Chicken Korma

Blimey, it has been a busy week.  Blogging has had to slip down the list of priorities.  Family members and several friends foolishly signed themselves up four months ago to take part in the local am-dram performance of Aladdin and this week is the week of the performances. So out of a sense of comradeship I foolishly signed up to help with doing the stage make-up.  This has been good fun and a lot of trial and error (poor old Widow Twanky) but it has meant snatched meals and quite a bit of forethought has been needed to make sure that the children and my husband haven’t felt neglected in the evening meal department.

Last night I prepared this Chicken Korma, it is an adaptation of several recipes that I read and I am not even sure if it qualifies for that name or if I should just call it Spicy Chicken.  I was really pleased with the way it turned out.  I have written before about how my curries are usually a bit disappointing and so I tend to rely on Patak’s pastes for my curries.  Whilst Patak’s do make delicious pastes, it has always frustated me that I can’t manage to make a tasty curry of my own.  Well, finally my goal has been achieved with this one.

It is great if you are busy because you can leave it to marinate, then spend a few minutes cooking the onion and tipping the marinated chicken into a pan and then leave it to cook gently until you are ready to eat.

Serves 2

4 chicken thighs, skinned and deboned
2 cloves of garlic, crushed
juice of ½ lemon
1 tsp root ginger, finely chopped
1 red chilli, chopped finely (with seeds for heat)
1 tsp turmeric
1 tsp ground cinnamon
1 tsp cumin seeds
1 tsp coriander seeds
seeds from 6 cardamom pods
150g natural yoghurt

1 onion
25g ground almonds
5 fl oz (¼ pint) water

Flaked almonds, to serve


Place the cumin, cardamom and coriander seeds into a saucepan and place over a medium heat for a minute or so until their scent is released.  Grind until fine in a pestle and mortar.

Slash the chicken thighs several times with a sharp knife to allow the marinade to penetrate into the meat and place in a non-metallic bowl. Add the garlic, ginger, chilli, lemon juice, spices and the yoghurt and mix well so that all is combined and the chicken is well covered.  Leave to marinate at room temperature for one hour, or all day in the fridge.

Chop the onion finely and fry in a little oil until translucent.  Tip in the chicken and the marinade and cook for a minute or so, then add the ground almonds and the water.  Bring to a simmer and simmer gently for about 45 minutes until the chicken is tender.  If you have an Aga then place it in the simmering oven and you can leave it in there simmering away until you are ready to eat.  I left mine in for three hours and then placed it back onto the simmering plate to bubble away and thicken the sauce before serving with plain rice.

To toast the flaked almonds, place them in a dry pan and toast over a medium heat for a minute or so until lightly browned.  Sprinkle over the Korma just before serving.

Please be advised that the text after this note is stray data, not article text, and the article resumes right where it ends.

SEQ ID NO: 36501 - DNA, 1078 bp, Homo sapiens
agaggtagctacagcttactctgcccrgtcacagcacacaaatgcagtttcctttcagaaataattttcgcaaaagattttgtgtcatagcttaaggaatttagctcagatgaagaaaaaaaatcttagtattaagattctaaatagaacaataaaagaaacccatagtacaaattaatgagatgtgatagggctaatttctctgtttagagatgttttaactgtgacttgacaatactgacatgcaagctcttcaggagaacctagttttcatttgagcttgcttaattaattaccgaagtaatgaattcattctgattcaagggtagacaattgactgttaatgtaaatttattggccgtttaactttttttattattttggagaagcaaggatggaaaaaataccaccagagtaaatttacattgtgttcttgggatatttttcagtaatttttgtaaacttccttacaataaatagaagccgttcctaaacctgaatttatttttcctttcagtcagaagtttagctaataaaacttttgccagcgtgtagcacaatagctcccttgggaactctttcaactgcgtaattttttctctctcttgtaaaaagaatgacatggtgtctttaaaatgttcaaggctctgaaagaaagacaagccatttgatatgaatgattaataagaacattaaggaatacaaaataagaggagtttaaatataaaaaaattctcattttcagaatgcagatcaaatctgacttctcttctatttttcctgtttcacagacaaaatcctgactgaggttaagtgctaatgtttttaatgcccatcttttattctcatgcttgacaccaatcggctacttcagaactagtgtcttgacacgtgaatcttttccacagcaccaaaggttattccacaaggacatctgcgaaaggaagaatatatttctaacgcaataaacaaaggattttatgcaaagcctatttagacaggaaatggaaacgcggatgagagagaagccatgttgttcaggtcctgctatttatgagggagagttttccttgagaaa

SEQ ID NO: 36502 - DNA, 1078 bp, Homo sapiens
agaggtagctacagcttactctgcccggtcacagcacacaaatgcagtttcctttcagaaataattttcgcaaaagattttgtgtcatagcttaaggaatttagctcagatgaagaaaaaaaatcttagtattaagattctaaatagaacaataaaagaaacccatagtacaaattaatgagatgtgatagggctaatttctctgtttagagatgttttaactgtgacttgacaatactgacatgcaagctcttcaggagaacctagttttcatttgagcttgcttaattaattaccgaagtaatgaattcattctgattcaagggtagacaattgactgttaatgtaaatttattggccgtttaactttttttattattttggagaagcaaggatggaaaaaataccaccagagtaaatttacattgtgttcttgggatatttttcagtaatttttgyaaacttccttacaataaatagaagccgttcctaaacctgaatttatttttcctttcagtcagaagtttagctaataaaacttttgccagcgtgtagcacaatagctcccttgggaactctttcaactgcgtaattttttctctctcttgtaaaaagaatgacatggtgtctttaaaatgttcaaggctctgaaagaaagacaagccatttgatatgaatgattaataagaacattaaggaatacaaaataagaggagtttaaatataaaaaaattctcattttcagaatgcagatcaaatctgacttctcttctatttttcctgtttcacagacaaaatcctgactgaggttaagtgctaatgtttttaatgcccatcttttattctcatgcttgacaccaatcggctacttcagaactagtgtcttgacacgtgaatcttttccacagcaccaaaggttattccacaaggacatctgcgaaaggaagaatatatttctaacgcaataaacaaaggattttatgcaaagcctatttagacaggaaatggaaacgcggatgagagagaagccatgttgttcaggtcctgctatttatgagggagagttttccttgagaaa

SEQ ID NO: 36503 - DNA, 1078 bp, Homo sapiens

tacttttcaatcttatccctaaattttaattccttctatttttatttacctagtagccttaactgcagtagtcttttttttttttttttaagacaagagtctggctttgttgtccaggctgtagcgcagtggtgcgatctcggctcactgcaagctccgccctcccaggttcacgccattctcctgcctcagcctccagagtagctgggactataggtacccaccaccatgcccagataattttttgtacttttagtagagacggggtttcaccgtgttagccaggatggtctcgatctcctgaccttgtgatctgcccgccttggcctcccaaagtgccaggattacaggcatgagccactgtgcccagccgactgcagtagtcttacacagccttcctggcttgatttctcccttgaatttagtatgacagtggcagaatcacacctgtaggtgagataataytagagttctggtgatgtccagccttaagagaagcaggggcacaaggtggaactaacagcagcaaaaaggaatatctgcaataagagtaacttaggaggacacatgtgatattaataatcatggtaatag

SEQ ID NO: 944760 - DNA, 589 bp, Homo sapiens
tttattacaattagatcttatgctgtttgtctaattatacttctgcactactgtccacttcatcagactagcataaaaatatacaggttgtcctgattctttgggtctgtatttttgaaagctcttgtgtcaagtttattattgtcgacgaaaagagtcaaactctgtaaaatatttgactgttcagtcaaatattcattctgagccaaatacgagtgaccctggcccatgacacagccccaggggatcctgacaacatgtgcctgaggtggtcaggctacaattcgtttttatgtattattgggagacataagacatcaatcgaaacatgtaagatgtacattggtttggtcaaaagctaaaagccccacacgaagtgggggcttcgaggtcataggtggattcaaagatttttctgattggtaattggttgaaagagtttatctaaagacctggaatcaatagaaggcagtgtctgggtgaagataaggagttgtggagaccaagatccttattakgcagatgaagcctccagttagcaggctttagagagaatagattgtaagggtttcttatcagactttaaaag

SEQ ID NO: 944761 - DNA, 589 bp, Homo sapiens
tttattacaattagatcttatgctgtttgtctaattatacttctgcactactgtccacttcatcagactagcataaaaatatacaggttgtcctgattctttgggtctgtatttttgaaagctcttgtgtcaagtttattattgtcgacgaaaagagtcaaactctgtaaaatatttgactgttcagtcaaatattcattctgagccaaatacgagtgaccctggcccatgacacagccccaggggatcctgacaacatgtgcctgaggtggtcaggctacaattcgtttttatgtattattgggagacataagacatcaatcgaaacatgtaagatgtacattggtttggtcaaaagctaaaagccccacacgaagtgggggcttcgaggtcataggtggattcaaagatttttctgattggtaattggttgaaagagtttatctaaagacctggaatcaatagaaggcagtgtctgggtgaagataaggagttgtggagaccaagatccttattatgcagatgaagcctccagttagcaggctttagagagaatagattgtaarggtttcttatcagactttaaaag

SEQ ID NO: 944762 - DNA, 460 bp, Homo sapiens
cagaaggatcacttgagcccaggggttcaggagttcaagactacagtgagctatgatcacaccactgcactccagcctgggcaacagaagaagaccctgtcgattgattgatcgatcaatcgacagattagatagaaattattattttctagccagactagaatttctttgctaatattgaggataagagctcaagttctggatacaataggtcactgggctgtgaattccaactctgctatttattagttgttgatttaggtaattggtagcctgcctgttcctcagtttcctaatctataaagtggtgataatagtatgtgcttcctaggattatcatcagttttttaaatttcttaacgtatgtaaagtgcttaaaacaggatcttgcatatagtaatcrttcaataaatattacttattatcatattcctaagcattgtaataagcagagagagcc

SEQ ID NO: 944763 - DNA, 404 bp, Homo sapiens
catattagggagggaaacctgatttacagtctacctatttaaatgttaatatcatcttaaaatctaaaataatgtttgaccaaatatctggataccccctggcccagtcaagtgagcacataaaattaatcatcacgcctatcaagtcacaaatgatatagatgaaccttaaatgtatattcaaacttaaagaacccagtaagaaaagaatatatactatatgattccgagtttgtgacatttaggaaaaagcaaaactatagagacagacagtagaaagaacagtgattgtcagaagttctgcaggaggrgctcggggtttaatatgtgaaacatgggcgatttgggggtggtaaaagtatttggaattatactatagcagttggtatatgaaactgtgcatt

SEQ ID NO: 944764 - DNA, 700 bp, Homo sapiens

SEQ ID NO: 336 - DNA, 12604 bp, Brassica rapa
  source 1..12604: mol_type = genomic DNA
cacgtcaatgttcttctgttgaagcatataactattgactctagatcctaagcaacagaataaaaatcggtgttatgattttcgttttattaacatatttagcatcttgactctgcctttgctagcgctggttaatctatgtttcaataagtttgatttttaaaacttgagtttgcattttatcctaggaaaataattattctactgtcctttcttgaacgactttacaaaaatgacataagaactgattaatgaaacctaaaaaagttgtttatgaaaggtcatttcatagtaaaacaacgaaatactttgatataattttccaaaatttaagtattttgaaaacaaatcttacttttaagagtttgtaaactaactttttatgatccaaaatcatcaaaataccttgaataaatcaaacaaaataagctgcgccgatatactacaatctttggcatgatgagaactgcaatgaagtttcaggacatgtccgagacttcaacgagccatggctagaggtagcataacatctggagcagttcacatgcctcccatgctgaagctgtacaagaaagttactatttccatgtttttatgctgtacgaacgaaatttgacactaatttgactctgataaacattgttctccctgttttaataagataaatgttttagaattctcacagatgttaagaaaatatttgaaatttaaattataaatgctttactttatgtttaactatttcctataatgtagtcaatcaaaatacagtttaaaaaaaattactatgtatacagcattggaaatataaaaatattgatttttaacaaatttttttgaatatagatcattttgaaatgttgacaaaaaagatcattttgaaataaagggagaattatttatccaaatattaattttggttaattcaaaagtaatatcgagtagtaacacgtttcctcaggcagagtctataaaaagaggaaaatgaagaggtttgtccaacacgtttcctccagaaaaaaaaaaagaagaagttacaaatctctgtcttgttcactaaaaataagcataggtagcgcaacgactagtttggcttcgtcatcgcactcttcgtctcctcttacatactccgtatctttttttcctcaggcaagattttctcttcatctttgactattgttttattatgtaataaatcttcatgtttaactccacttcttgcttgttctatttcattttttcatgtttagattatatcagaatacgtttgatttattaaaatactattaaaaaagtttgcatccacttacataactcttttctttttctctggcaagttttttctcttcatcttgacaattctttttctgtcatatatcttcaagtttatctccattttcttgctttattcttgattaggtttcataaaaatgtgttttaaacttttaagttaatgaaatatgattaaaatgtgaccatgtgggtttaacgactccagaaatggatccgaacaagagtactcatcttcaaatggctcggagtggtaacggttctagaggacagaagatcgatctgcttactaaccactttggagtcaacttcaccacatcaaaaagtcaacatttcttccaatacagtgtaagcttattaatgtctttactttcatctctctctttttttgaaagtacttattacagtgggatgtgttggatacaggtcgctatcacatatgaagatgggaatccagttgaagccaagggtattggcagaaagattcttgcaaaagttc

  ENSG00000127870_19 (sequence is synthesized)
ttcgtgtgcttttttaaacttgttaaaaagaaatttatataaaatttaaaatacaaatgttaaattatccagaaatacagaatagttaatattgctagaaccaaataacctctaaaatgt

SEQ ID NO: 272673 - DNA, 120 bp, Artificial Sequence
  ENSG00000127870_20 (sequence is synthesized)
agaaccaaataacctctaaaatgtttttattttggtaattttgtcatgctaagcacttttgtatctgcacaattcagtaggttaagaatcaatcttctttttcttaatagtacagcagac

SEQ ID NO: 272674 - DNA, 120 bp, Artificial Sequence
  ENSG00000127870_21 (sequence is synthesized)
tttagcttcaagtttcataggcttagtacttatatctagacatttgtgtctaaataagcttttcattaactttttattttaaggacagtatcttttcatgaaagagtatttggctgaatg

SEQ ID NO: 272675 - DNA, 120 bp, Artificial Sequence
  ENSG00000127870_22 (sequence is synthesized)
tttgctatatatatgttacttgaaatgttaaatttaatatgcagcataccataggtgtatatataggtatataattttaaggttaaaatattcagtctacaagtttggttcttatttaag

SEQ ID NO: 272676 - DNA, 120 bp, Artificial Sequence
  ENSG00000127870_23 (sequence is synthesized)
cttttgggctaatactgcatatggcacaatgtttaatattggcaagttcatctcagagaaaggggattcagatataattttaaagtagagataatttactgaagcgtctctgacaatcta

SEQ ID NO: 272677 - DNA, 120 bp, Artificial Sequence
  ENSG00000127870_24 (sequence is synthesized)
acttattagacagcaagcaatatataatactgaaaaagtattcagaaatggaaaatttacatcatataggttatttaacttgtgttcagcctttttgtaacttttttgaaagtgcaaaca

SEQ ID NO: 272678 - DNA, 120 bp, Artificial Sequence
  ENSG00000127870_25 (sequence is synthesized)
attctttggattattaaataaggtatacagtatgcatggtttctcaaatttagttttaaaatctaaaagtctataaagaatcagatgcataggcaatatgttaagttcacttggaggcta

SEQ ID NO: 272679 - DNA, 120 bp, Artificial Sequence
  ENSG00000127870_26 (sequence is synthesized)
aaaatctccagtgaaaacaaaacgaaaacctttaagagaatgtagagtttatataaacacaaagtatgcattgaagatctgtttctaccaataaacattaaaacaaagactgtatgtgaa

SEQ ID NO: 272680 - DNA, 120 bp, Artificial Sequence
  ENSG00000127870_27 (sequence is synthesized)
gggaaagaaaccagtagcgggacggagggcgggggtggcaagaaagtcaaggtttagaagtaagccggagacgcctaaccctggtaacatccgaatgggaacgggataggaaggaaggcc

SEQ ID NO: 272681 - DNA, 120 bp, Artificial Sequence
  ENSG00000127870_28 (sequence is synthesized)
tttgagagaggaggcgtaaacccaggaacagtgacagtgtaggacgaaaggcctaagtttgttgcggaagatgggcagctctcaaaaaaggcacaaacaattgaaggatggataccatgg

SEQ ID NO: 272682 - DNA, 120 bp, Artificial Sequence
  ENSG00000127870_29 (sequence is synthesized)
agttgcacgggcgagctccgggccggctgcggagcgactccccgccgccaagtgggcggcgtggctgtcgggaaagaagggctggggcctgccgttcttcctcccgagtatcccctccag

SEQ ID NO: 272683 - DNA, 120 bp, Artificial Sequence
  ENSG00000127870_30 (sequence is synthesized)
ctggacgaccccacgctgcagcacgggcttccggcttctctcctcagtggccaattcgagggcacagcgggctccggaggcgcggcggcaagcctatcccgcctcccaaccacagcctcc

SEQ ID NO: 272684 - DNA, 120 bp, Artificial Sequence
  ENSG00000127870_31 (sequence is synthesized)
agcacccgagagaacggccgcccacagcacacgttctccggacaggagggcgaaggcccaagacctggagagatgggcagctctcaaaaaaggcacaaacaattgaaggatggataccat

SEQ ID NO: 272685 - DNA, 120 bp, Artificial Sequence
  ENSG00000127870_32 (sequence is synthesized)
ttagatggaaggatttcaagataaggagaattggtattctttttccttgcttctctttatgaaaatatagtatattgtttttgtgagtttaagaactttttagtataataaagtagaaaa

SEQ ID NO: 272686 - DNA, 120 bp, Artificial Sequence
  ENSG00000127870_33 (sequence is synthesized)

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Cucumber and cumin dip

This post is very much related to the one about onion bhajis.  As regular readers will know Total Yoghurt have very kindly sent me a tray of samples  with which to cook.  So far I have made scones and buckwheat pancakes and this is recipe number three, giving the yoghurt centre stage.

This dip is a bit of a twist on a cucumber raita.  It’s not the time of year for mint in my garden and last year I failed to make my usual jar of mint concentrate and I refuse to pay the price of a pot from the supermarket when I have it rampant in my garden for most of the year.  So this is a winter version of a raita, replacing the fresh herb with a spice. It was very good and suited the onion bhajis perfectly.

200g Total Greek Yoghurt
8-10cm chunk of cucumber, diced
1½ tsp cumin seed


Heat a frying pan over a medium heat until hot and add the cumin seed.  Cook for a few seconds until the smell is released.  Pour straight into a mortar and grind with the pestle to a rough powder (you still want the bite of the seed in there).

Mix the cucumber, yoghurt and cumin together and enjoy as a dip for crudites or bhajis or samosas, as a side for a curry or however you fancy eating such a delight.

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Curry Night

Curry Night

Despite endless experiments I have failed to find a recipe that beats a jar of Patak’s curry paste.  I do play around with the method though perhaps adding a chopped onion, a red pepper, a cubed and roasted aubergine, some par boiled potatoes or a few cubes of frozen spinach (not usually all in the same curry, unless there are lots of mouths to feed).  I make spiced coconut rice and chapatis to go with it.  The girls will tuck into the rice and chapati’s but have so far refused to entertain the idea of eating the curry – maybe one day soon.  Have a look at the recipes for cumin spiced chapatis and spiced coconut rice on these pages

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